There's been harder jobs than making Liev Schreiber look good in a suit (lets be real —the dude would look sexy in a plastic bag). But despite how easy the actor makes masculine yet polished style appear on his hit Showtime series Ray Donovan, there is a detailed art and science that goes into the show's costumes, which mostly consist of really nice suits and the occasional piece of man jewelry (here's looking at you, Jon Voight). And now that Showtime.com is offering a selection of Ray Donovan-inspired merchandise before season two drops on July 13 (think Ray's signature shades), we caught up with show costume designer Christopher Lawrence (who took the reins from Hunger Games clothier Trish Summerville after the pilot episode) to find out just how Donovan, a South Boston-bred, L.A.-based tough guy who happens to like looking good, gets his sartorial swagger (hint: a good tailor is key).
Pret-a-Reporter: Ray obviously has a penchant for suits. What are your go-to brands?
Lawrence: Ray's clothing is really about being kind of neat and clean and meticulous. Because of that we go to Zegna, John Varvatos and Calvin Klein. They're very clean. Anything that would have a little extra detail, anything that would push Ray into being, God forbid, a dandy would be wrong.
Yeah, we cant imagine a South Boston "fixer" caring much about his pocket square of cufflinks. How do you keep the character looking like a man's man who happens to like nice clothes?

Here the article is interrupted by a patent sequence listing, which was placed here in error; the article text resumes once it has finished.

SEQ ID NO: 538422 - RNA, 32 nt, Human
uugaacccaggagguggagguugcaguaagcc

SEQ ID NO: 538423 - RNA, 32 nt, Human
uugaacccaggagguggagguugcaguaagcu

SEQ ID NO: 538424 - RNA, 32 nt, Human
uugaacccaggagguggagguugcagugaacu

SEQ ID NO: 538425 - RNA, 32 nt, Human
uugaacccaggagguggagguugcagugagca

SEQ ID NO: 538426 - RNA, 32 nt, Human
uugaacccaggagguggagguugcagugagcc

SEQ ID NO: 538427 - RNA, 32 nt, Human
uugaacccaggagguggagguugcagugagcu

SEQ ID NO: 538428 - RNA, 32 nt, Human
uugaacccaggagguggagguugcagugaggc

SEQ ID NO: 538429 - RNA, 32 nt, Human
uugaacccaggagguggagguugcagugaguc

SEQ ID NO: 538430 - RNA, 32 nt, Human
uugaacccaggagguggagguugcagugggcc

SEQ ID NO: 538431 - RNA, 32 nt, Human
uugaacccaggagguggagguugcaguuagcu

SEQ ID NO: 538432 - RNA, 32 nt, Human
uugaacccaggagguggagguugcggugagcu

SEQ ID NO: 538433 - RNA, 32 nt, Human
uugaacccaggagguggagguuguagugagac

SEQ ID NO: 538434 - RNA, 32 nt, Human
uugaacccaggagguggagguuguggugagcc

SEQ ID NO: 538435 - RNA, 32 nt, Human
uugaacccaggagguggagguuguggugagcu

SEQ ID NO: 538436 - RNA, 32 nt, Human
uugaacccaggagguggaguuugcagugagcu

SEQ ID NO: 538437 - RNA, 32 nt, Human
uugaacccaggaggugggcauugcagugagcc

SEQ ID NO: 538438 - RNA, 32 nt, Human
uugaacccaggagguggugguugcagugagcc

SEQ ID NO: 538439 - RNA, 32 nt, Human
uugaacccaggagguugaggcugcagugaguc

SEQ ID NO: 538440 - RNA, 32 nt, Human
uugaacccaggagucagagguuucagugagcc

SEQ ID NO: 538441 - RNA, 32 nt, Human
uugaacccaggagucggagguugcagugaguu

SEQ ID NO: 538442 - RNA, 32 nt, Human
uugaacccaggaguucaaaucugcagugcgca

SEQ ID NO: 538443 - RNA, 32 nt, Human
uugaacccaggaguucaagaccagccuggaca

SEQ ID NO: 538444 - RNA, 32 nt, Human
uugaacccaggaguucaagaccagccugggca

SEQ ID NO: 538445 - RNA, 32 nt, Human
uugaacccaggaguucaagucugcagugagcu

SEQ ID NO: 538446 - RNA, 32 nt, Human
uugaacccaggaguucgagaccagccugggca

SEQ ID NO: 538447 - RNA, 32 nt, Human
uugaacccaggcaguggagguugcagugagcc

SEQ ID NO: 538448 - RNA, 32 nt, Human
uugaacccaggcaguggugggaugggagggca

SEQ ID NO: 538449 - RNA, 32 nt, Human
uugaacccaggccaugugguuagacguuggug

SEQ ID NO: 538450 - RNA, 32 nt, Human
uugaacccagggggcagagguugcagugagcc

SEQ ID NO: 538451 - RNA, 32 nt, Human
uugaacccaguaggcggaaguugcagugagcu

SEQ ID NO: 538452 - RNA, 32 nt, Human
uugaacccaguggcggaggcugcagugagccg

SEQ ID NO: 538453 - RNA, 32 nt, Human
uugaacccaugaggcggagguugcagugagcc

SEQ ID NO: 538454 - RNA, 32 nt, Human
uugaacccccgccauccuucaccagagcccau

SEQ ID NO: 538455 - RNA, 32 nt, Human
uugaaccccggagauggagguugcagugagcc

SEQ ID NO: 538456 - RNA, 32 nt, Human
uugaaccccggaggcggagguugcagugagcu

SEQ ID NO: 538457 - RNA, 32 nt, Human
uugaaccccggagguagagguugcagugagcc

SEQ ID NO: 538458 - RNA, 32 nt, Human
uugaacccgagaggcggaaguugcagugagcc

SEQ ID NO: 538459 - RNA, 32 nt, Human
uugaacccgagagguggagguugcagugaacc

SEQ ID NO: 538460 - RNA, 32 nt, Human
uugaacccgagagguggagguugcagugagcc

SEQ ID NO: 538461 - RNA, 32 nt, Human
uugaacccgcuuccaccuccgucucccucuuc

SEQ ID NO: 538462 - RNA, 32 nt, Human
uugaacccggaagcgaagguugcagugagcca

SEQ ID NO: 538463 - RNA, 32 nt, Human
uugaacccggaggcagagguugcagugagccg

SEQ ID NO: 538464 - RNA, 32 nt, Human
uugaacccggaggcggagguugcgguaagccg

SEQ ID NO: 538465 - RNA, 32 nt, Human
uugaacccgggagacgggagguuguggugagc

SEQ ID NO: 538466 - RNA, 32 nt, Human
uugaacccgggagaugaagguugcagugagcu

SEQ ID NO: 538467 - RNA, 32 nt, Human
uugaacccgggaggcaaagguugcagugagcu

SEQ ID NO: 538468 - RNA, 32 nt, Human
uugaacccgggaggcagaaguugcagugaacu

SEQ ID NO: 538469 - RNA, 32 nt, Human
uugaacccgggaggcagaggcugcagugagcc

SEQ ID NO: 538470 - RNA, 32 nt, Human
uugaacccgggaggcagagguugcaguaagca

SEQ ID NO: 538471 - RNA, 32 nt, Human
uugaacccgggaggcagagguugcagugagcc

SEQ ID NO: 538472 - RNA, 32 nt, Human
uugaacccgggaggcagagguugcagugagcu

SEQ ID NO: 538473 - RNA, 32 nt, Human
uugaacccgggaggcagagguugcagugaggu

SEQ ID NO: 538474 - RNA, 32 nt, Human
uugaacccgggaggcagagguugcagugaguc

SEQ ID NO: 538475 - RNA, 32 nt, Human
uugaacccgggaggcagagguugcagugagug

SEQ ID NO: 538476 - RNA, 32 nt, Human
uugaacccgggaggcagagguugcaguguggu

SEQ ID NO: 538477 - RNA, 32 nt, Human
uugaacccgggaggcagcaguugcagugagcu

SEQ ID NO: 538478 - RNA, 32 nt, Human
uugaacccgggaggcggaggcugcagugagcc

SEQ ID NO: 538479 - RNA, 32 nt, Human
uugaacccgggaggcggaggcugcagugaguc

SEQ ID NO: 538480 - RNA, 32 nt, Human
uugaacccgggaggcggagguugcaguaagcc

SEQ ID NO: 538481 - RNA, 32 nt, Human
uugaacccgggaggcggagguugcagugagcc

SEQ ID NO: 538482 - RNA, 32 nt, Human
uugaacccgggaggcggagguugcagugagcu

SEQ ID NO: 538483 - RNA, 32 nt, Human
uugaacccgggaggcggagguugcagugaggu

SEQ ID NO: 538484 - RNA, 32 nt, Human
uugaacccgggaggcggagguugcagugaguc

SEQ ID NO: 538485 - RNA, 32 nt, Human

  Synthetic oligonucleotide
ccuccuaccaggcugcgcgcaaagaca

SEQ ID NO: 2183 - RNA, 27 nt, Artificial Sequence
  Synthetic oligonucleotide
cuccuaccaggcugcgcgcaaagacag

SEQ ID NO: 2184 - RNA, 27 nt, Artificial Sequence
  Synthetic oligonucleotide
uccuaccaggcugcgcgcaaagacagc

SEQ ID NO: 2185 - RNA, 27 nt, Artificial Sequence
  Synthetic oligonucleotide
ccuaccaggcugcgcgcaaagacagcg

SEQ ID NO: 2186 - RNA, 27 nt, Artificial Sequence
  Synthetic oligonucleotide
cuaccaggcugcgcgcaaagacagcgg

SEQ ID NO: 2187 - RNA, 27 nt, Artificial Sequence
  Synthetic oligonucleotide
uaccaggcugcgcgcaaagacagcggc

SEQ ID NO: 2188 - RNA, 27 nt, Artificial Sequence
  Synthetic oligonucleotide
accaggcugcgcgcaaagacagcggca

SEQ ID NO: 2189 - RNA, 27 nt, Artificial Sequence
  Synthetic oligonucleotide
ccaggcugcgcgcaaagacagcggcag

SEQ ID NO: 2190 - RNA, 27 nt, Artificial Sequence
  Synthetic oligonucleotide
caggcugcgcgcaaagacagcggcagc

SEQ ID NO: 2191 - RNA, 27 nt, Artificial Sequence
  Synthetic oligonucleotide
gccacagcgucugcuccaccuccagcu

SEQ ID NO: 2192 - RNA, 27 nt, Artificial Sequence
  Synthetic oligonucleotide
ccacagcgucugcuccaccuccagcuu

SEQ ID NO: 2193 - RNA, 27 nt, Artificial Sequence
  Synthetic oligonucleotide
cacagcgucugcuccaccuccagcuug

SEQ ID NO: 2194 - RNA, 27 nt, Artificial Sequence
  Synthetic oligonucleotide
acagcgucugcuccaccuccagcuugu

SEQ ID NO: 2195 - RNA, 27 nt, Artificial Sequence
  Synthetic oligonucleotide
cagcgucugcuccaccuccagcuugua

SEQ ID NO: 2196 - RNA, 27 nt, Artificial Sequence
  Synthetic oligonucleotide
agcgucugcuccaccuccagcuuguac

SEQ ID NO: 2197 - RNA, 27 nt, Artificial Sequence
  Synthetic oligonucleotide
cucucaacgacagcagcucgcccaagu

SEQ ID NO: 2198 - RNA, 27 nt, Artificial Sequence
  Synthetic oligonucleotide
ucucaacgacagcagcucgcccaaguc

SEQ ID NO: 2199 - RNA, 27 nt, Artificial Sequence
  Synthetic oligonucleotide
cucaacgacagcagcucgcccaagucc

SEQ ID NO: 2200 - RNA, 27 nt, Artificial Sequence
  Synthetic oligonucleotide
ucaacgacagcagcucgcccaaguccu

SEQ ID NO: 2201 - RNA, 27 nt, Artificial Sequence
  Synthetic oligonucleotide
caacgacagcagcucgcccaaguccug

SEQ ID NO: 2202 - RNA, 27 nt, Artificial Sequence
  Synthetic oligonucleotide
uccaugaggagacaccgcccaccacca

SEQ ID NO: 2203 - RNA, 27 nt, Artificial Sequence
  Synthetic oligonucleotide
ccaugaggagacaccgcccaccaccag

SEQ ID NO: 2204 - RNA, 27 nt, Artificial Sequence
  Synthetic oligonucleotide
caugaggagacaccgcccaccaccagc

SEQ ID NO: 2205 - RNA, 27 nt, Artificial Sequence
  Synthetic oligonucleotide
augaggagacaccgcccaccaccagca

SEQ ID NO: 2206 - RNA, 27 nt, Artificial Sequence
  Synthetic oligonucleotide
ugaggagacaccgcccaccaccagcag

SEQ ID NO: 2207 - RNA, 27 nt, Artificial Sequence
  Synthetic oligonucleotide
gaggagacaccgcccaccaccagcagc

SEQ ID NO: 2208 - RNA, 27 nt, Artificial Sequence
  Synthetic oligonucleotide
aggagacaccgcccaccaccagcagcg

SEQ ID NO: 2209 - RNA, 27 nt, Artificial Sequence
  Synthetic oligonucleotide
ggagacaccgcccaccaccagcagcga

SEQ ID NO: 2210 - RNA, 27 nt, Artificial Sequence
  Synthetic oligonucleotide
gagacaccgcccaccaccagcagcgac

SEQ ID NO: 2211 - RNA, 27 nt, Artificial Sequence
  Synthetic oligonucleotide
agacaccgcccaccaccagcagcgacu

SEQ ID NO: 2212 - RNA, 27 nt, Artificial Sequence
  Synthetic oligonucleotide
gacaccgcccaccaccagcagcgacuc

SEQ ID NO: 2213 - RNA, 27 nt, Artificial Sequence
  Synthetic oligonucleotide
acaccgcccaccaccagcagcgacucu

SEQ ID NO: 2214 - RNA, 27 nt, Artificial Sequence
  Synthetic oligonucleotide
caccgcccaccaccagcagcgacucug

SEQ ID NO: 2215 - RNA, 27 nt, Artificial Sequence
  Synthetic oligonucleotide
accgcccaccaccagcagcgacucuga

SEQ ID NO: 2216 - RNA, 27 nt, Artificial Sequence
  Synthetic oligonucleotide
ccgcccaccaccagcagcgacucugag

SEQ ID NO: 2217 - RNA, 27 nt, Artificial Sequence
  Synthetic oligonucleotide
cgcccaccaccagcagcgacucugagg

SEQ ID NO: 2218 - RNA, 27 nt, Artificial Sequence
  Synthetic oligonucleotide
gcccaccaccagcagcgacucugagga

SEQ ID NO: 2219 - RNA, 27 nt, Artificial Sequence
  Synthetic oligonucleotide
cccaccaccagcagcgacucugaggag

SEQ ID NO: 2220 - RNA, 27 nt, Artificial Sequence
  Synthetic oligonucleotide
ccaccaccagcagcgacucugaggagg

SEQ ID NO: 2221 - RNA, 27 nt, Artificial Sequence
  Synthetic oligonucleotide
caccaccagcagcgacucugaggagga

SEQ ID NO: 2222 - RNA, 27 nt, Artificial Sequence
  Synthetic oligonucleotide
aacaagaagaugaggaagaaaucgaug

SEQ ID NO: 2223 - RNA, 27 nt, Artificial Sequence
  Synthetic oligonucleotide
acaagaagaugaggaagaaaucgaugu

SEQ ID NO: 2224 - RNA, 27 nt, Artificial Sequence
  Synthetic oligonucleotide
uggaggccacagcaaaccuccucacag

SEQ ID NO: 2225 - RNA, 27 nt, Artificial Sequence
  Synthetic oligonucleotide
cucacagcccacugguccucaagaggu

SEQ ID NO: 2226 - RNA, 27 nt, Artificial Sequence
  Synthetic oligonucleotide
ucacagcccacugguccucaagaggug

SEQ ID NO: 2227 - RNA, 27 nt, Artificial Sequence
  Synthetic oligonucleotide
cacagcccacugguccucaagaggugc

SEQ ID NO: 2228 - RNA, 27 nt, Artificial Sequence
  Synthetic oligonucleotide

We are loyal to a style. Ray's style is very wealthy, but he stays under the radar. He doesn't want to be noticed. So his stuff is impeccably tailored, and that shows he takes pride in the way he looks and that he has money. The only thing that sets him apart is how well everything fits.
Ray is so incredibly masculine. I think his clothes reflect that. You can see the frame of the man, which is strong. There's no fuss.
Got it. Fit is key. Which obviously means one thing: a good tailor. Any tips on what to ask for when you find one?
Make sure the shoulders fit and that it cuts in nicely at the waist. Show the broadness of your shoulders and the V shape that's going into a smaller waist.
Ray is into watches. But his father, played by Jon Voight, is clearly into a healthy dose of flashy manbling. He also plays an aging ex-con. What do you suggest for upstanding male citizens wanting to add a bit of jewelry to their ensemble without appearing to have robbed a pawn shop?
Find your signature piece — less is more. A good watch and a ring or a bracelet or a necklace is cool, but it should be meaningful. I call it a signature piece. And then let the rest go. In this case, less is so much more.